Shortly after the beginning of each year, Christians around the world pray for church unity. The Week of Prayer for Christian Unity, traditionally celebrated from Jan. 18-25, draws on resources sponsored jointly by the World Council of Churches (WCC) and the Pontifical Council for the Promotion of Christian Unity of the Roman Catholic Church.
The materials for January 2011 have been prepared in partnership with the churches of Jerusalem.
“In a present-day context of despair and suffering, the churches of Jerusalem show determination and witness together with the global church for a just peace in the city of peace,” said WCC general secretary the Rev. Olav Fykse Tveit in a sermon at Geneva’s Ecumenical Center during a service of prayer organized by the city’s churches.
The service on Jan. 19 included traditional music from the Middle East and was led by local church leaders. It was attended by more than 200 people.
Tveit observed that the New Testament portrayal of the Jerusalem church “describes the original oneness of those early believers in Jesus. Being one means being together, breaking bread, praising God, but also giving and sharing, according to who is in need.”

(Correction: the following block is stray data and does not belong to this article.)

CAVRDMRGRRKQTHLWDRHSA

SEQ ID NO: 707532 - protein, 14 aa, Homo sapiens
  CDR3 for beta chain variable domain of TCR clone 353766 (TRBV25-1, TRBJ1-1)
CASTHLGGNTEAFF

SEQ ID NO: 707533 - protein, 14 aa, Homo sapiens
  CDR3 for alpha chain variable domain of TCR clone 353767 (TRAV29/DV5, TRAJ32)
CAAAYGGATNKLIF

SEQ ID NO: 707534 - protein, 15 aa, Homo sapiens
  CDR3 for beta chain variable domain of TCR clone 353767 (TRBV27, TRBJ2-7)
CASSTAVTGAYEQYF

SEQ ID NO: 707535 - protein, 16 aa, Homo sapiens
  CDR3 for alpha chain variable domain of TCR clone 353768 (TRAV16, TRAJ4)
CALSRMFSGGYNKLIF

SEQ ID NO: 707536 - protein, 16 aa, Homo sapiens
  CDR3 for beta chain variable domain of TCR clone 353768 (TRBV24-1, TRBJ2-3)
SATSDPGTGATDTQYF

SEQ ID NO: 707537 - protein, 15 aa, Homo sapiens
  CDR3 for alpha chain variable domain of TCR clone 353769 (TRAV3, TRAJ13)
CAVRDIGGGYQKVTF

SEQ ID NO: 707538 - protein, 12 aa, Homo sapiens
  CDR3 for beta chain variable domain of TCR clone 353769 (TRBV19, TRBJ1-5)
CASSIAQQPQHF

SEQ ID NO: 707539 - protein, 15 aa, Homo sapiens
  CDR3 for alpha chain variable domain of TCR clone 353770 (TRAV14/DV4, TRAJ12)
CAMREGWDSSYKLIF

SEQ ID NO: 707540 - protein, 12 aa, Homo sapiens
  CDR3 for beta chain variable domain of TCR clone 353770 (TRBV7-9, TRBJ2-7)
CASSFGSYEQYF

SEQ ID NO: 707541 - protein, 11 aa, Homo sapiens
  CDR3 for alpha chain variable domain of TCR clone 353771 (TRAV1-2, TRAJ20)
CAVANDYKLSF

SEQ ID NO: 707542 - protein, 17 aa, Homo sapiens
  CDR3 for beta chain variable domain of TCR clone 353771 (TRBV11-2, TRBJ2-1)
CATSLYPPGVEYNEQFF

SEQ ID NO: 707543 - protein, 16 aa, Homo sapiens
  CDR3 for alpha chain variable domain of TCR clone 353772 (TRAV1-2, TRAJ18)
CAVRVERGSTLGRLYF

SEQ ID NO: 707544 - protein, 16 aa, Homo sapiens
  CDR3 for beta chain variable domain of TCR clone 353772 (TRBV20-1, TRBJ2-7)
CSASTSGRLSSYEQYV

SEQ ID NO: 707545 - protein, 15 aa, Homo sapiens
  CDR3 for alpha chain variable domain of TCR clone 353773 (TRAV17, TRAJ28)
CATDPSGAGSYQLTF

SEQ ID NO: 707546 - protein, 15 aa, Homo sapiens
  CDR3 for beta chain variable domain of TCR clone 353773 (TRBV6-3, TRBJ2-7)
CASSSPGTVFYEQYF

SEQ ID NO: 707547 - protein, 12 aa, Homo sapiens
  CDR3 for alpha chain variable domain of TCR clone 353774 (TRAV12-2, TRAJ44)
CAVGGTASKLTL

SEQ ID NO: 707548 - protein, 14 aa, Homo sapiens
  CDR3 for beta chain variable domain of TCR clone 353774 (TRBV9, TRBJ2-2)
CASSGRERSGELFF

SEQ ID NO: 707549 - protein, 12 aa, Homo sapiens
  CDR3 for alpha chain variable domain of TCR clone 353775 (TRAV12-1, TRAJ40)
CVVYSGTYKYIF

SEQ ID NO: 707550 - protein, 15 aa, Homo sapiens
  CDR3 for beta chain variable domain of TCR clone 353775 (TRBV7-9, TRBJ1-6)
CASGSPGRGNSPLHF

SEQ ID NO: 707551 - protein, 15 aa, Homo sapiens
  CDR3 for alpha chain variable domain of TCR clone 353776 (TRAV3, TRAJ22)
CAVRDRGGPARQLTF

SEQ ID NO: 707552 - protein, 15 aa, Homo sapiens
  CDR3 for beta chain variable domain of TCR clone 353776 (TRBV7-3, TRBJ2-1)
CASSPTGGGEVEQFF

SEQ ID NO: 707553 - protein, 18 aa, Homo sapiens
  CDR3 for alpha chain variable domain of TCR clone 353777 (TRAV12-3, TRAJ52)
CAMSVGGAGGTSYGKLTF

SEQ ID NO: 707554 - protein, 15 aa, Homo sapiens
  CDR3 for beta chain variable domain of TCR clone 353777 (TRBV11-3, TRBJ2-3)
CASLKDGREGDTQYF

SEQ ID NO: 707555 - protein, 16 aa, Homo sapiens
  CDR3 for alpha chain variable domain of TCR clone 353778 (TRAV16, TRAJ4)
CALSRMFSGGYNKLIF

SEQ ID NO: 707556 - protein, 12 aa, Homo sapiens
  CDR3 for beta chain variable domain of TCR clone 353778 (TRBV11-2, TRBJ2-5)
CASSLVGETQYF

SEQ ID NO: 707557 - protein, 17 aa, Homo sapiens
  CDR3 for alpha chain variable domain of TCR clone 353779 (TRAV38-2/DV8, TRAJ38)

He described the image of sharing around the table as a striking image that “gives great spiritual energy” to ecumenical endeavors.
Tveit continued: “The table is also a place and space that demands that we think about justice and the way food and access to power are shared in the world, especially at a time when speculation with food prices will mean that the poorest will become poorer, and go hungry.”
Tveit noted that “there is still sadly one table where we as Christians do not yet eat together,” referring to differences among churches that mean all Christians cannot share together in the eucharist.
“Yet here too the witness of Christians in Jerusalem, the mother church of us all, can help us. They show us that it is possible to work together despite divisions, to carry forward prophetic calls for justice and peace, and try to be one in action together.”
In the Geneva service, Father Mikhail Megally of the Coptic Orthodox congregation thanked other local churches for their support in the wake of recent violence perpetrated against the Coptic community in Egypt.
He told the gathering, “Copts are children of the Middle East. They belong to this region and are part of its development and identity. We cannot imagine either Egypt or the Middle East without their Christians.”